chevron completes subsea engineering feat in africa
August 18, 2015 – Chevron recently achieved a technological feat in the depths of one of the world's largest underwater canyons. With vital right-of-way permits approved by the governments of the Democratic Republic of the Congo and Angola, Chevron has completed the drilling of a well intersection conduit beneath the Congo River submarine canyon, part of the Congo River Canyon Crossing pipeline project.
To create the intersection, two wellbores were drilled simultaneously from shallow water platforms located on each side of the canyon. One of the platforms is located in the Democratic Republic of the Congo while the other platform is located in Angola. The wellbores transitioned from vertical to horizontal, and then intersected almost midway beneath the canyon, approximately 2,000 feet (610 m) beneath the seabed, where the water depth is one-half mile (0.8 km).
"The Congo River well intersection is a major engineering feat," said Ali Moshiri, president of Chevron Africa and Latin America Exploration and Production Company. "And with the drilling platforms and subsea structures having been fabricated in-country, this project is another prime example of Chevron's commitment to helping fuel Angola's economic development."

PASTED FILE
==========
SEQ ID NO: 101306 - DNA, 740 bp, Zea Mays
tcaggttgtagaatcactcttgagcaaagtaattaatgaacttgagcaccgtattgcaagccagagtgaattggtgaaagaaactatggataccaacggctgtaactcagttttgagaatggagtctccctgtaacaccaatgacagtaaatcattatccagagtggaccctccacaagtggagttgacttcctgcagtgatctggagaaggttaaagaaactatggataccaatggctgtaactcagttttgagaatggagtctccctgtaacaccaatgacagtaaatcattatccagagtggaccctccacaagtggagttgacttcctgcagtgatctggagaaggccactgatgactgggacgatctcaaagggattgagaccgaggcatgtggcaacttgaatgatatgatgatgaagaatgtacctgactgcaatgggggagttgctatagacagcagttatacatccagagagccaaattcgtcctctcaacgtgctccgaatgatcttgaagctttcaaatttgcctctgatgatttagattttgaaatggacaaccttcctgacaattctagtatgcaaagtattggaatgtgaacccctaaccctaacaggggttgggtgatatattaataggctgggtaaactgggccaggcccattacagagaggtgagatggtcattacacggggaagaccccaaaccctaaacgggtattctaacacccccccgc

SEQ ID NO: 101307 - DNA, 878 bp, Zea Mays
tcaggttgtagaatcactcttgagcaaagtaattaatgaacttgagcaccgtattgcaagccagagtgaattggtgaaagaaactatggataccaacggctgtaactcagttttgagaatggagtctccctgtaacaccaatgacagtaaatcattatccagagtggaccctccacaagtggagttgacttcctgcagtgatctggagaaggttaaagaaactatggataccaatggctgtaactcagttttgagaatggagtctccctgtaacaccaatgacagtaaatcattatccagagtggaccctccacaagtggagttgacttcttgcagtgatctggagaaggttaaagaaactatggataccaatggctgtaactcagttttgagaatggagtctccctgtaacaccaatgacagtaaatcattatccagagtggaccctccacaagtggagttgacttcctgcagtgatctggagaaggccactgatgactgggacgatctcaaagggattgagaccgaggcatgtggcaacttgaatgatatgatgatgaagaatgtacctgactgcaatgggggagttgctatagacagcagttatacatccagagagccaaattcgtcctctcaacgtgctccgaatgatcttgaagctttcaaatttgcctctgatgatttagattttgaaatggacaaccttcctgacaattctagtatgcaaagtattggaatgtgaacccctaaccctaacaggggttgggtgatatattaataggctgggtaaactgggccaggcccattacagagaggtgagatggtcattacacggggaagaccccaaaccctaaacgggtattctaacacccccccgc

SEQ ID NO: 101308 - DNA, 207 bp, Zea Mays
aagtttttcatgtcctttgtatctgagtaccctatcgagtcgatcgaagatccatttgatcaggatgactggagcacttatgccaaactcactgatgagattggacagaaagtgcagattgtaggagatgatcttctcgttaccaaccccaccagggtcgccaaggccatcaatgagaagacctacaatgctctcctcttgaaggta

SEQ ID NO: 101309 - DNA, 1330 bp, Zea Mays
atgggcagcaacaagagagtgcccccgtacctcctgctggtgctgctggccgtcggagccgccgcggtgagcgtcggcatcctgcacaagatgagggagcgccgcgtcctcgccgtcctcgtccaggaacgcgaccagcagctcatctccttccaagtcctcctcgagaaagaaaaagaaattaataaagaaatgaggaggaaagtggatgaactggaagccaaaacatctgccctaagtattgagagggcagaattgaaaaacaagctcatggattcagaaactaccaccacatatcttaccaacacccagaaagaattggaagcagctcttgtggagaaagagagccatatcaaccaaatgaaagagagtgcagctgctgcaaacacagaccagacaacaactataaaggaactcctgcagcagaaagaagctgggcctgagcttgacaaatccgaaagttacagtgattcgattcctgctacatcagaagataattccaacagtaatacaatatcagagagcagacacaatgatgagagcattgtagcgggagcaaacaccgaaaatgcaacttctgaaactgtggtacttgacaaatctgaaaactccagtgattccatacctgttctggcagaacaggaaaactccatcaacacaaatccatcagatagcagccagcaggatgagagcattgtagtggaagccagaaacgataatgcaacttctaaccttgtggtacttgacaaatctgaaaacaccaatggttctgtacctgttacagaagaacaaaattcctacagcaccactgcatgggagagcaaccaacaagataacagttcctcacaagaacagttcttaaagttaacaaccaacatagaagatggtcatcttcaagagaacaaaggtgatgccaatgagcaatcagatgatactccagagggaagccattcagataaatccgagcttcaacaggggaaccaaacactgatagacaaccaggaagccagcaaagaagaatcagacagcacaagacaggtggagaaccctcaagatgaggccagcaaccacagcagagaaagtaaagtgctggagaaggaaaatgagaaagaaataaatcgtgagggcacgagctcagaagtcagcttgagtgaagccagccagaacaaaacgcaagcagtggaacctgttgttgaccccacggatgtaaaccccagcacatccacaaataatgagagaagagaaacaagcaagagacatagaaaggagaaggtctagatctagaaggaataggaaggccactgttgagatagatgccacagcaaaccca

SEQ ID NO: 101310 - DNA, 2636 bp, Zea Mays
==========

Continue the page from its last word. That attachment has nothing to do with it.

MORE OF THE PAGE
The Congo River crossing is Chevron's largest-ever well intersection and it is the most technically challenging aspect of the pipeline project. The well intersection provided the most secure method of crossing the canyon and connecting to the pipeline at the platforms located on each side of the canyon.
"This was the most unique well intersection project of its kind ever undertaken by Chevron—and the very first in the industry performed offshore," said Ben Leonard, project drilling manager for Chevron's Southern Africa strategic business unit. "Other intersection projects have involved drilling under highways or riverbeds, but this one is more than 10 times the length of a routine crossing."
Several innovative technologies and processes were employed during the drilling of the well intersection. For example, an active magnet ranging technology was used to direct the drilling assembly so that the wellbores merged precisely on a target roughly the size of a basketball. This involved a magnetic sensor in the drill string on one side and a powerful magnet, located behind the drill bit, on the other side.
An additional challenge for the project team was to install the two offshore platforms in an area close to the mouth of the Congo River where there are strong currents.
The pipeline will transport natural gas from Angola's offshore Blocks 0 and 14 to the Angola Liquefied Natural Gas (LNG) Plant, the country's first LNG project. When completed, the pipeline will be approximately 87 miles (140 km) in length and initially transport up to 250 million cubic feet of natural gas per day.
Updated: August 2015